Sports drinks such as Gatorade and Powerade are often no better than water, say experts, but they may make it easier for some people to get enough fluids in their system. They come in a variety of flavors and colors.

“If a sports drink will get someone to drink a little bit more than they would have if they were just going to drink water, then it’s probably a good choice for them,” says Moore, noting the importance of keeping hydrated. Sports drinks usually contain water, a fluid that is essential for energy production and proper functioning of the body. Hydration needs vary, depending on the individual, activity level, and the environment.

Of the herbs used for energy, ginseng probably has the most research, but the studies are contradictory, says Haggans. Plus, she says there are different types of ginseng, and the investigators don’t always make it clear what kind was used in studies.

Asian ginseng, also known as Panax ginseng, is generally known as a stimulant and has been used by older people seeking more energy, says Andrew Weil, author of 8 Weeks to Optimum Health. The Asian variety also has a reputation as a sexual enhancer for men and has been used to improve athletic performance.

American ginseng, on the other hand, is used more as a tonic and is known to increase immunity over time, says Weil.

The herbs guarana and yerba mate are rich sources of caffeine. They stimulate the central nervous system, much like coffee does. The caffeine “may be helpful for mental alertness, and possibly for weight loss,” says Haggans. But there have not been many studies on the herbs, separate from the effects of caffeine.

Rhodiola rosea has been used in Sweden and Denmark as an anti-fatigue supplement. There is some evidence it improves aspects of mental and physical performance, but other than that, we don’t know a lot about the herb, says Haggans.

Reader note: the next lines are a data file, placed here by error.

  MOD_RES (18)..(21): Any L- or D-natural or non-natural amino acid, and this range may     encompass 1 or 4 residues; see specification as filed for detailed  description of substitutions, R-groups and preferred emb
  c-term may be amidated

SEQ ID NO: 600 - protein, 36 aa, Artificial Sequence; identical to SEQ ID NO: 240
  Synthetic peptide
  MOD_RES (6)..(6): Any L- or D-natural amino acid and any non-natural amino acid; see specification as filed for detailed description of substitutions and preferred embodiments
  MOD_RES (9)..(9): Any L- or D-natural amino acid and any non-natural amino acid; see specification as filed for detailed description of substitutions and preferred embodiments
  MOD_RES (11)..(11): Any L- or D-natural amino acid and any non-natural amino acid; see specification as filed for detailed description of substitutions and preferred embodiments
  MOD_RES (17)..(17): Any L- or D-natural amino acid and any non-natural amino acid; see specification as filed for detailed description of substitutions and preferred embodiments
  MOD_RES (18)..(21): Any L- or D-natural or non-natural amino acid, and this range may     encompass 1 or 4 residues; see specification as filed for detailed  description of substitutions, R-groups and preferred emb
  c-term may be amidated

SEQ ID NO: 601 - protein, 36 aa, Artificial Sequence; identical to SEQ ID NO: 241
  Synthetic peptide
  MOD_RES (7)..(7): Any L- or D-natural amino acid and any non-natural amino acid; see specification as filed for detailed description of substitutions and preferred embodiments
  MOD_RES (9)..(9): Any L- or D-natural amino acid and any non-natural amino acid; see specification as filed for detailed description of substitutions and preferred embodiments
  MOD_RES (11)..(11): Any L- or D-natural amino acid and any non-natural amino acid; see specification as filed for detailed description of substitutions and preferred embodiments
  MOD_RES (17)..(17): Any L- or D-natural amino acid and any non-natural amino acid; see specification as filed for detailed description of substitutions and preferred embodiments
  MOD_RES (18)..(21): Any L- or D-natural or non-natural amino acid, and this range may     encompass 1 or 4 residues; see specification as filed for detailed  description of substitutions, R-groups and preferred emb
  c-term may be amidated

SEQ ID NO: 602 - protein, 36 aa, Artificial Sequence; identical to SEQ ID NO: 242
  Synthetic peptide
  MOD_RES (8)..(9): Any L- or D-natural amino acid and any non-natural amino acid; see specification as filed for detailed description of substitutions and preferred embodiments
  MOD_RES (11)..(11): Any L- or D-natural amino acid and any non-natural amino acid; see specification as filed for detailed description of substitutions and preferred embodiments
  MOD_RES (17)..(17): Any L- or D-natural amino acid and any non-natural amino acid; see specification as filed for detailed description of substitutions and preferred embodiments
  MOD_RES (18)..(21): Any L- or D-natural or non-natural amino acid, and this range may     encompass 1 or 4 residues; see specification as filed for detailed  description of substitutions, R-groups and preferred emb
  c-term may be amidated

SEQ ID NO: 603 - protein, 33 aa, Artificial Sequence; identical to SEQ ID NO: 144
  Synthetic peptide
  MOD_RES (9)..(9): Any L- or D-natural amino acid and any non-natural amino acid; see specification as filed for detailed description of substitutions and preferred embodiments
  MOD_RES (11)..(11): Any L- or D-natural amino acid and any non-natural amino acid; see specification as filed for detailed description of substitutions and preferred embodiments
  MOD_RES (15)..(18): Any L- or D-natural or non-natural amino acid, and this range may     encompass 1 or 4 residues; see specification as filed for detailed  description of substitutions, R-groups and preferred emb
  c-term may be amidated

Rhodiola is often combined with cordyceps mushroom, another herb that has had little scientific research. Cordyceps mushroom by itself and the combined formula of cordyceps and rhodiola have been tested on athletic performance, and the results have been contradictory.

There are benefits to taking cordyceps mushroom, says Weil. It can reportedly provide energy to older people who have been debilitated by age or illness and to young athletes who need a boost in performance.

If you are considering the use of an herb or a supplement, it’s best to first check with your doctor. Some plant compounds, no matter how natural, can interact with drugs and may have some adverse effects.

Asian ginseng, for example, can raise blood pressure in those that are prone to hypertension, says Weil. Plus, Haggans says a recent study suggests the herb may reduce the effect of Coumadin (a blood thinner) and other drugs.

Another note of caution involves the herb yerba mate. There are observational reports that yerba mate, when used in large amounts or for prolonged periods, may cause cancer in the gastrointestinal tract.

Herbs are presumed to be safe until proven harmful. They are regulated more like foods, as opposed to drugs, says Haggans. The dietary supplement ephedra, used for weight loss or athletic performance, is one example of a plant compound that was pulled from the market following numerous reports of death and injury.

The Bottom Line on Energy Products

Energy bars, drinks, herbs, and supplements may be helpful in some instances, but they are not sure-fire remedies for fatigue. If in need of a boost, experts recommend a well-balanced diet.

“As long as you are eating a variety of foods — in the spirit of the food guide pyramid — you’re going to be able to meet your nutrient needs,” says Moore. “As long as you do that, your body is going to be able to carry out all of its functions in terms of transferring food into fuel with complete accuracy.”

If a healthy diet is not helping with energy needs, examine the amount of sleep, exercise, and stress in your life. These factors, plus diseases and medications, can affect energy levels.

Entry filed under: Good nutrition fitness. Tags: , .

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1 Comment Add your own

  • 1. Yoda Smith  |  January 19, 2010 at 7:49 pm

    Yerba mate does not act like caffeine in the body. The “awake and alert” feeling is there, but there are no adverse reactions that are assoiciated with caffeine. This is why yerba mate is a good coffee substitute–because caffeine-sensitive people can drink yerba mate without problems they have with coffee, felt (crash, jitters) or not felt (hypertension, etc)

    It is debatable that the stimulant in yerba mate is caffeine. While some believe there is no real difference besides the difference already descirbed, others say that it is not caffeine, but mateine in yerba mate, and that it is structurally different from caffeine.

    Reply